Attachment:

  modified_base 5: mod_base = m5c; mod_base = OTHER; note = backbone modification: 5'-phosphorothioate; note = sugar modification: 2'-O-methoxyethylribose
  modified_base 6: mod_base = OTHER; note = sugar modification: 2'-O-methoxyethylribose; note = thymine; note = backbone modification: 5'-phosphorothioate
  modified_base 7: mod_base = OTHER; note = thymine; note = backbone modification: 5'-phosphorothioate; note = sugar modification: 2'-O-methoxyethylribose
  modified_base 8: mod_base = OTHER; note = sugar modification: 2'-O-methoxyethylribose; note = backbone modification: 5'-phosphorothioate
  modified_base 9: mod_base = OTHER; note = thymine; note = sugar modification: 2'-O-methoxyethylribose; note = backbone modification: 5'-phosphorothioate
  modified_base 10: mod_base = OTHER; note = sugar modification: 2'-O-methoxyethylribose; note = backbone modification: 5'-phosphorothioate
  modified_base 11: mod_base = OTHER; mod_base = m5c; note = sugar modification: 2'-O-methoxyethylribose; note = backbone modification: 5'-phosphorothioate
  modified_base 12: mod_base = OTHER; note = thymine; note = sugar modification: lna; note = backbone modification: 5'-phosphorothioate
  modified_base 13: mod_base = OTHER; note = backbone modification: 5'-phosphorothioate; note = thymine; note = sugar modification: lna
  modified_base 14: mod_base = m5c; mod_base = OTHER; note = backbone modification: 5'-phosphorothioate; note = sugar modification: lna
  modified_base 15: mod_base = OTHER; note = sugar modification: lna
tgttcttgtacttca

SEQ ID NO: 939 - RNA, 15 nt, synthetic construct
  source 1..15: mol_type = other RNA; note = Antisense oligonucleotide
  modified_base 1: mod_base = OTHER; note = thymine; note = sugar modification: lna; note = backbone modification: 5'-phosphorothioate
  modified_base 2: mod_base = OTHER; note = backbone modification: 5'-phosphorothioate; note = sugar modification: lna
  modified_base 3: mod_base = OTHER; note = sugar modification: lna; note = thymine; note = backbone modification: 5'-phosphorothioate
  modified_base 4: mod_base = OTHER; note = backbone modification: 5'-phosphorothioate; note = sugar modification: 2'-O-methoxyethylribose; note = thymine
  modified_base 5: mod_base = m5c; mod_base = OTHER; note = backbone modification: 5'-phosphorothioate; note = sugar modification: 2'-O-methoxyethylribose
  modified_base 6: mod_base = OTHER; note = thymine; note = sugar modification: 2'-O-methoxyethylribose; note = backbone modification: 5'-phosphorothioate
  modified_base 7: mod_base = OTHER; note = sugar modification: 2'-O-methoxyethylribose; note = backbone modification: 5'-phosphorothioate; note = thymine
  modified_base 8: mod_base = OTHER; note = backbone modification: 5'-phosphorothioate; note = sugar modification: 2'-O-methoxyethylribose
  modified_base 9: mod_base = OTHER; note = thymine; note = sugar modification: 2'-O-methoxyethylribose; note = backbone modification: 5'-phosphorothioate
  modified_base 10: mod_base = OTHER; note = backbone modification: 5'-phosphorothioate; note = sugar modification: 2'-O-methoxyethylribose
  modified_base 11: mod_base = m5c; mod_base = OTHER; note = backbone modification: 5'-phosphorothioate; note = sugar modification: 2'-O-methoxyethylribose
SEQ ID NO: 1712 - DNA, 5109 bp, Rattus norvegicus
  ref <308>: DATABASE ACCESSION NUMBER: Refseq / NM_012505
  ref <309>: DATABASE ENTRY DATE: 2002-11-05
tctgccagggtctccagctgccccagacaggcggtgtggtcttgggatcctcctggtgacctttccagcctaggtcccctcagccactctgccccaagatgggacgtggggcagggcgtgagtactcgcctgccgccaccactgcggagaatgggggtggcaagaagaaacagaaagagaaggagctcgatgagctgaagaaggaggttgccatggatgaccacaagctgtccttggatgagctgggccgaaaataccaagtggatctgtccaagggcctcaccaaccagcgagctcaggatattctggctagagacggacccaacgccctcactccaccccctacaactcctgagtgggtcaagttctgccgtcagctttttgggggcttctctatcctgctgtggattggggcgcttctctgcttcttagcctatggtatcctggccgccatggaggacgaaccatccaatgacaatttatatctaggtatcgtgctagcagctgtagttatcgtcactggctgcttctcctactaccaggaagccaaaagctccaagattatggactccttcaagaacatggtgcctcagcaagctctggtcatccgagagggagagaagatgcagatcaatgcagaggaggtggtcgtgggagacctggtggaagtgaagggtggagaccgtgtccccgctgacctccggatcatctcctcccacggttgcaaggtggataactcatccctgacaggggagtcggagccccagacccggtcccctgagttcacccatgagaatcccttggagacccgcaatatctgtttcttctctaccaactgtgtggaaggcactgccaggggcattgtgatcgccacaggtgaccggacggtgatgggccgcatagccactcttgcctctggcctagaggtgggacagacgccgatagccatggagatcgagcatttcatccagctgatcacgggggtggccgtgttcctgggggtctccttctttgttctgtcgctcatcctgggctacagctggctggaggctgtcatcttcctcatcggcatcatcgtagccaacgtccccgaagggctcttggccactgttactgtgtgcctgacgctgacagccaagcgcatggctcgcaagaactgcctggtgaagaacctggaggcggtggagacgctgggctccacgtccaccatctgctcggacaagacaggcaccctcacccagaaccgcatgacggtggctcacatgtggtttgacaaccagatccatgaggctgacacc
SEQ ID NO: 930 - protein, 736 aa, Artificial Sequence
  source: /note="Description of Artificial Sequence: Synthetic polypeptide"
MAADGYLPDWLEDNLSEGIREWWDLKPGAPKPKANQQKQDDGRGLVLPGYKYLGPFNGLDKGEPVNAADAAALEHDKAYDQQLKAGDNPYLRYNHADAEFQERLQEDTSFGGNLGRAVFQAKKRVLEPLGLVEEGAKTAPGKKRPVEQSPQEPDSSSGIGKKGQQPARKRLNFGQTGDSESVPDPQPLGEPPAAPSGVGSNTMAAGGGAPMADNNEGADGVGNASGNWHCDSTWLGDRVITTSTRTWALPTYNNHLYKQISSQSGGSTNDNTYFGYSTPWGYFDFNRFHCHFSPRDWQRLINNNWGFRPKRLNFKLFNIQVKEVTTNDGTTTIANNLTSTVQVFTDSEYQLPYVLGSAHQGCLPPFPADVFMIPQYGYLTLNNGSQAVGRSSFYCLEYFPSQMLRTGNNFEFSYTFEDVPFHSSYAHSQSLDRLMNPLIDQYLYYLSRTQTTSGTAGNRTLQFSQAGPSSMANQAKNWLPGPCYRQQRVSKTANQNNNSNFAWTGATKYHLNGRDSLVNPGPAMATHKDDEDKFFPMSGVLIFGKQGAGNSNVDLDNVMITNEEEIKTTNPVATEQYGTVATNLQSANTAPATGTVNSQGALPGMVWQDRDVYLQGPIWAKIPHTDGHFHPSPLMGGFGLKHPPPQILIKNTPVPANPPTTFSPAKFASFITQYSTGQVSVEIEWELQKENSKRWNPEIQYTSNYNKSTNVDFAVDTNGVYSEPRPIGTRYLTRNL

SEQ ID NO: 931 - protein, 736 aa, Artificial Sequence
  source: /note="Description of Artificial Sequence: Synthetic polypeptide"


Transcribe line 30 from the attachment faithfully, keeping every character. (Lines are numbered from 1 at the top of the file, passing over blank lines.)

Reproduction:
SEQ ID NO: 930 - protein, 736 aa, Artificial Sequence